Insect Humanities

This working group brings together researchers interested in insects. We discuss the future of insect studies in the humanities and social sciences and ask methodological questions about insect
research. Many existing insect studies are clustered around specific insect families and the particular interactions they have with humans both negative and positive. We are interested in what methods are promising for understanding insects within an interdisciplinary and transdisciplinary context. In addition, we seek to understand knowledge systems regarding insects that lie outside the academic disciplines as traditionally construed.

The group’s core members have different temporal and geographic areas of expertise ranging from the 16th-20th centuries and covering most of the world’s continents. We have a wide range of interests from insects portrayed in art and used as commodities in the early modern period to pesticide use and concerns regarding the Anthropocene and the Plantationocene in the present day. The group is interdisciplinary in nature and we welcome curators, archivists, library professionals, scientists and many others. We intend to discuss: What is the role of insects in humanities? How do insects help us to think about non-human animal studies and multi-species relations? How do insects inspire new topics in the history of science?

Scholars studying the insect humanities represent a small but growing niche within the new turn towards non-human animal studies and multi-species concerns. Insects are a productive lens to study many current and pressing issues in the history of science. We find insects to be entities inspiring both wonder and joy.

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Consortium Respectful Behavior Policy

Participants at Consortium activities will treat each other with respect and consideration to create a collegial, inclusive, and professional environment that is free from any form of discrimination, harassment, or retaliation.

Participants will avoid any inappropriate actions or statements based on individual characteristics such as age, race, religion, ethnicity, sexual orientation, gender identity, gender expression, marital status, nationality, political affiliation, ability status, educational background, or any other characteristic protected by law. Disruptive or harassing behavior of any kind will not be tolerated. Harassment includes but is not limited to inappropriate or intimidating behavior and language, unwelcome jokes or comments, unwanted touching or attention, offensive images, photography without permission, and stalking.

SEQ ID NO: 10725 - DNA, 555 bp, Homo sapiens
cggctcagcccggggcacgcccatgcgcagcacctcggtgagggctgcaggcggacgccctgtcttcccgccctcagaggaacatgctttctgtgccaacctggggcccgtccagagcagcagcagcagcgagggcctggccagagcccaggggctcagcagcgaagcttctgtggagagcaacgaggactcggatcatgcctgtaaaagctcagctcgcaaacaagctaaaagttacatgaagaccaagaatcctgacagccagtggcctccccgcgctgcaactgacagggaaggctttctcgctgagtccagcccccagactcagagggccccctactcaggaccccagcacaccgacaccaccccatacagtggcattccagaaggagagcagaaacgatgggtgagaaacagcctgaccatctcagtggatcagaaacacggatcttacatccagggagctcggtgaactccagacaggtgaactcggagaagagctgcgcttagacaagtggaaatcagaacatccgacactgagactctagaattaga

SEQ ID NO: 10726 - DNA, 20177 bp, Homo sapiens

Participants may send reports or concerns about violations of this policy to

Upcoming Meetings

  • Monday, April 24, 2023 11:00 am to 12:30 pm EDT


  • Monday, May 22, 2023 11:00 am to 12:30 pm EDT


  • Monday, June 26, 2023 11:00 am to 12:30 pm EDT


  • Monday, July 24, 2023 11:00 am to 12:30 pm EDT


  • Monday, August 28, 2023 11:00 am to 12:30 pm EDT


  • Monday, September 25, 2023 11:00 am to 12:30 pm EDT


  • Monday, October 23, 2023 11:00 am to 12:30 pm EDT


  • Monday, November 27, 2023 11:00 am to 12:30 pm EST


Group Conveners

  • amarquez's picture

    Angelica Marquez-Osuna

    Angélica studies the history of Latin America from a global perspective, specializing in environment, race, labor, agriculture and farming practices.

    Her dissertation Colonized Bees in the Tropical Frontier: Beekeeping and Modern Apiculture in the Yucatán Peninsula, Florida, and Cuba from 1760-1940 is about the history of beekeeping practices and industrial apiculture in the context of the Spanish colonization and the development of global capitalism. It focuses on the relocation of the European honeybee Apis Mellifera that did not exist in the Americas before colonization, and the displacement of the native stingless bee Melipona beecheii which is also capable of producing large amounts of honey and wax and has been bred by Maya communities for over 3,000 years in the Yucatán Peninsula. Her research looks at the commonalities, connections, and differences between three locations that were crucial for the development of apiculture in the tropics: Florida, Cuba, and the Yucatán Peninsula. Angélica’s work emphasizes geopolitics, the changing borderlands in the history of colonialism and capitalism in the Americas, and the role of bees and beekeepers in these processes.


  • ddmoore's picture

    Deirdre Moore

    Deirdre Moore received her PhD in the History of Science from Harvard University in 2021 with her dissertation, 'The Heart of Red: Cochineal in Colonial Mexico and India'. Her research focuses on how complex relationships between humans, plants and animals led to the production of valued commodities in the Early Modern period with a concentration on the history of cochineal dye insects in Europe, Asia and the Americas.

    Deirdre's research has been supported by the American Indian Studies Graduate Student Fellowship, Newberry Library, Chicago, the David Rockefeller Center for Latin American Studies Summer Research Grant, the Tyler Fellowship, Garden and Landscape Studies Department, Dumbarton Oaks and the Social Sciences and Humanities Research Council of Canada among others. Her main research interests lie in the Early Modern period, exploring connections in the history and origins of international trade, economic history and the history of entomology and insect interactions with human communities. She also makes films about insects.


4 Members